Friday, 22 May 2015

Marital rape: trivialization vs criminalization - Part I

In the aftermath of Nirbhaya BBC documentary, the country came out united. Who would agree with Mukesh Singh's justification to rape? I guess, only miniscule proportion.  Now consider another case, Suppose a person did the same with his wife. I guess these will be the most probable reactions- 1. Aadmi hi vaaiyad tha (the man was beast),  this was an unacceptable act, so she should have gone for legal remedies, and if left to us, we would have lynched him 2. It is not possible marriage is a sacred institution, the wife should have been lying, moreover it is their personal matter and wife has already given consent to have sex at the time of marriage  (any third moderate reaction is welcome).

Though marital rape has been an issue of political and social debate for a long time without any conclusion yet. Lets try to demystify it.

What is marriage?
It is a social and legal institution  in which two people mutual consent to work out things together in the train of life.

What is marital rape?
Marital rape (also known as spousal rape) is non-consensual sex in which the perpetrator is the victim's spouse. It is a form of partner rape, of domestic violence and of sexual abuse.

What does the data say?
Out of the total number of rapes reported to NFHS(though it is an informal survey whose premise was to provide anonymity), 97.7% rapes were committed by the people known to the victim, out of which marital rapes accounts for 2/3rd. UN study has established the fact that 75% men want their wives to agree to sex. There have been many heartrending stories of women raped every night, even during pregnancy and child birth. It is a physical as well as mental trauma because the perpetrator is known to the person, often very close. It is a bitter reality even in developed nations.

Why all the fuss now?
Recently during parliamentary proceedings, a minister reacted on a question regarding the status of marital rape in India, “It is considered that the concept of marital rape, as understood internationally, cannot be suitably applied in the Indian context due to various factors e.g. level of education/illiteracy, poverty, myriad social customs and values, religious beliefs, mindset of the society to treat the marriage as a sacrament, etc”. Other proponents of the marital rape exception, also, argue that it is essential to preserve the integrity of marriage, which is a crucial social institution, so marital rape cannot be brought within the purview of rape law.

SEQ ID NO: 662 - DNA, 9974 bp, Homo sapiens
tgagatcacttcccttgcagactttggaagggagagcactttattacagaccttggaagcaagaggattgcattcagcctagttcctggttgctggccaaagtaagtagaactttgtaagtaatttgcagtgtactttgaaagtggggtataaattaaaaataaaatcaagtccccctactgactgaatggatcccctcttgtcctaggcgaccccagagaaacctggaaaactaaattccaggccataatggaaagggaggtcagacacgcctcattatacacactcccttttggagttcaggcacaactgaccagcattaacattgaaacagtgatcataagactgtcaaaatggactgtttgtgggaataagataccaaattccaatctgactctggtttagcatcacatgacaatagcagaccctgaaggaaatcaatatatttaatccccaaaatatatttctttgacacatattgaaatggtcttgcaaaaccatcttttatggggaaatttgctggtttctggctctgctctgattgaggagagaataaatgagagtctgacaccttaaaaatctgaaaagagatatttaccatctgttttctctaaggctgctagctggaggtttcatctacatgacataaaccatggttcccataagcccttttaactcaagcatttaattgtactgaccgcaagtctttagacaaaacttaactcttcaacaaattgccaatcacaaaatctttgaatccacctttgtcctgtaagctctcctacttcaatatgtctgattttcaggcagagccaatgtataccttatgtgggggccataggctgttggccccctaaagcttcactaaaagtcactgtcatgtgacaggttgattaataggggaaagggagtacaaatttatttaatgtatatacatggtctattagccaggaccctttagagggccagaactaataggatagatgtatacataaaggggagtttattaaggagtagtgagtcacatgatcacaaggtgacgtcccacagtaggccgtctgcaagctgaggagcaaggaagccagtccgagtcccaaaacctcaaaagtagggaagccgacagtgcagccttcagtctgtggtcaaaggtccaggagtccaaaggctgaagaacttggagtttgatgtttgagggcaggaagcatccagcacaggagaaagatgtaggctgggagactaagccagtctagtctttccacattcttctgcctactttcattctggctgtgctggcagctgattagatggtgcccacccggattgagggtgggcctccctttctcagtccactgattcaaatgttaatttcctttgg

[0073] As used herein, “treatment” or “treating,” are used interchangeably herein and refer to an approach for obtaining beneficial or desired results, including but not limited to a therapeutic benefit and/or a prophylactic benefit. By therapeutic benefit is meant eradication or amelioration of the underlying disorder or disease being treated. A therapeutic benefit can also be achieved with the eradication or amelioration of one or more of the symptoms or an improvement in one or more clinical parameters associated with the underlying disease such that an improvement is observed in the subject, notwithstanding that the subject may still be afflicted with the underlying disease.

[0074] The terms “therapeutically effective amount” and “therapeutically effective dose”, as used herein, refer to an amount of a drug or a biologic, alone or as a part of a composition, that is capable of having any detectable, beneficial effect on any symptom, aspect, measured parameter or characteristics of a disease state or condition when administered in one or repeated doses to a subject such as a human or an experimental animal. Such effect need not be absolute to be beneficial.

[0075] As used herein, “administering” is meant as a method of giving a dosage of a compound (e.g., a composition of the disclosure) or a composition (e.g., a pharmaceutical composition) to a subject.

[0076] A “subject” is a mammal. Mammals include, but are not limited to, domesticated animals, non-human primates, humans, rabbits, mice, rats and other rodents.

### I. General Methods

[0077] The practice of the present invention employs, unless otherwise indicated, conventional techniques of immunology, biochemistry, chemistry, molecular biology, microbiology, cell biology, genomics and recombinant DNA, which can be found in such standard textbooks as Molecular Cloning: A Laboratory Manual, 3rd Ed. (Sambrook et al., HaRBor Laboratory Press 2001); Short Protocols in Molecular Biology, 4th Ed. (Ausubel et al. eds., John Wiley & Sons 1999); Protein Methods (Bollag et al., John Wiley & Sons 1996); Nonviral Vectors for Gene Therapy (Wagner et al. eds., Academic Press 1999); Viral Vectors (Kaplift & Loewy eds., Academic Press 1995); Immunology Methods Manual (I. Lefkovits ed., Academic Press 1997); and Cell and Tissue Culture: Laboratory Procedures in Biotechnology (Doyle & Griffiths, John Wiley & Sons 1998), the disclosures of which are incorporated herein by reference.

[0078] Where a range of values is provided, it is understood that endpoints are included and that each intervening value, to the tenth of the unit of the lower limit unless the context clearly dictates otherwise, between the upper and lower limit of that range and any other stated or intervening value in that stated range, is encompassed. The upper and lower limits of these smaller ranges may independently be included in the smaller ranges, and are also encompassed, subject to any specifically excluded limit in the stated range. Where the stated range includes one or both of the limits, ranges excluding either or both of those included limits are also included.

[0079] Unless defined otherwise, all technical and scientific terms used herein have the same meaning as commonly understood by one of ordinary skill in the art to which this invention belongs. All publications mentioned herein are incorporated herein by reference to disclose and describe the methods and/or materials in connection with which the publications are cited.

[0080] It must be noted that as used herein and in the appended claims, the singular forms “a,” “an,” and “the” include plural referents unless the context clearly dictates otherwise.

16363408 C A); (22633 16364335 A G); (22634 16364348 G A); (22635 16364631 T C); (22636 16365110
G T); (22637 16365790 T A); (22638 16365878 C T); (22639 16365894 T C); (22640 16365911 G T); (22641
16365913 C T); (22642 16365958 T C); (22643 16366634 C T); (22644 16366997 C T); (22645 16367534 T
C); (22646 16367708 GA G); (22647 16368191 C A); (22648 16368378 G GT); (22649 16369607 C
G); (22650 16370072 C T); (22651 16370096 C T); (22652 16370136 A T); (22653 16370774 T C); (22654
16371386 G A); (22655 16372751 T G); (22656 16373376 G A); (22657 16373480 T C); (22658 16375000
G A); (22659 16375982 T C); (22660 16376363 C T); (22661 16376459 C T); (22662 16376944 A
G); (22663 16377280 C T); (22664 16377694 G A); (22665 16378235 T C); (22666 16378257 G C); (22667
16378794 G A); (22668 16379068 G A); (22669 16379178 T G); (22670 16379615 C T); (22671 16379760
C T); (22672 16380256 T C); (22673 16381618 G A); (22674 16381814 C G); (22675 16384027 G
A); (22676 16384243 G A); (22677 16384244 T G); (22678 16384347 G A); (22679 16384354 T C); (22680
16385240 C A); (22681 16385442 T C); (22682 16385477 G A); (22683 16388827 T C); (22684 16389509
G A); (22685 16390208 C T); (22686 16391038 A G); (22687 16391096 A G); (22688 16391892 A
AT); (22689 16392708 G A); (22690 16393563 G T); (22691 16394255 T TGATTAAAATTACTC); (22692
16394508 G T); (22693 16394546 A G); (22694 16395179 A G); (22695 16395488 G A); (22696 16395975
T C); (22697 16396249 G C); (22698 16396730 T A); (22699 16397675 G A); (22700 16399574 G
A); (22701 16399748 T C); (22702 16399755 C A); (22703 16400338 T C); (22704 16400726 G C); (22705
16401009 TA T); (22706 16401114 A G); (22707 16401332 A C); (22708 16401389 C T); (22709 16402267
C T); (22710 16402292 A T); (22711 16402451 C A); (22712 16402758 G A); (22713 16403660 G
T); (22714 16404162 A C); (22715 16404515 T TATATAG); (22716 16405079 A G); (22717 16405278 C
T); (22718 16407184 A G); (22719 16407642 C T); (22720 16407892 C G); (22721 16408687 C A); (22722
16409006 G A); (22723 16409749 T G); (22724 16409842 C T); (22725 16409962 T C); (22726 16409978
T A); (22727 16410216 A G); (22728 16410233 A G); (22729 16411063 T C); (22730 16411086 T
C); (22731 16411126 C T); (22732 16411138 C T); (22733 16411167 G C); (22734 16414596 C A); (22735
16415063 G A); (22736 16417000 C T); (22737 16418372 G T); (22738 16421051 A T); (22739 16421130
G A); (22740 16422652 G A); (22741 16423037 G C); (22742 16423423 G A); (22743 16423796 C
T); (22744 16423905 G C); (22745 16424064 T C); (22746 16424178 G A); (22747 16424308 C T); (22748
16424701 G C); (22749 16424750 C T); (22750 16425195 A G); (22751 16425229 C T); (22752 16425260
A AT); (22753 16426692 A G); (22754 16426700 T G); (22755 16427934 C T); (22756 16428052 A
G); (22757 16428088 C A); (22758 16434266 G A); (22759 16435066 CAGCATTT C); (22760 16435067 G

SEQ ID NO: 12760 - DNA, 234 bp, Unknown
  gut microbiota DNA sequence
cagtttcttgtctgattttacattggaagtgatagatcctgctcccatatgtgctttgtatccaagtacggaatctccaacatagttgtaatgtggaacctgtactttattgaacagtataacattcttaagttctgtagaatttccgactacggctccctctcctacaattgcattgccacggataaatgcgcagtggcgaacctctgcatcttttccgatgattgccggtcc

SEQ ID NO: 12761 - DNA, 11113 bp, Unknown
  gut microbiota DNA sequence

What are the possible reasons?
Though we can easily attribute the prevalence of patriarchal mindset as the main reason, yet there are many deep rooted causes.
According to NFHS survey around 74% marriages in India occur without due consent of the bride and the groom. How can we expect two strangers to be very comfortable with each other at the very first night? And the same thing becomes routine due to lack of any firm resistance. We, as a society are stuck in the bus vs bedroom debate and usually make a remarkable difference between the two. If a woman is getting raped in a bus it is rape, but in bedroom it is a ritual. This trivialization of marital rape is one of the major reasons for the perpetuation of the same.
Moreover, there is huge divide across the society. Though, the main victims are women, yet in most cases it is the elder women who give formal acceptance to marital rape by putting it in the category of necessary adjustment or "compromise" in a marriage. And it goes on and on across generations, and we consume this culture of adjustment. Forced sex has become a “wifely duty.”

Another important reason is economic dependence of women on their husbands and in-laws. Rape every night and domestic violence becomes a small price to pay, when basic survival is at stake.

To be continued...

No comments:

Post a Comment

(Don’t) Waste the Thunder, Recycle

6:30 PM, I pressed the doorbell of my flat. As I was waiting for my brother to open the door, my eyes fell on a dozen cold drink bottles ...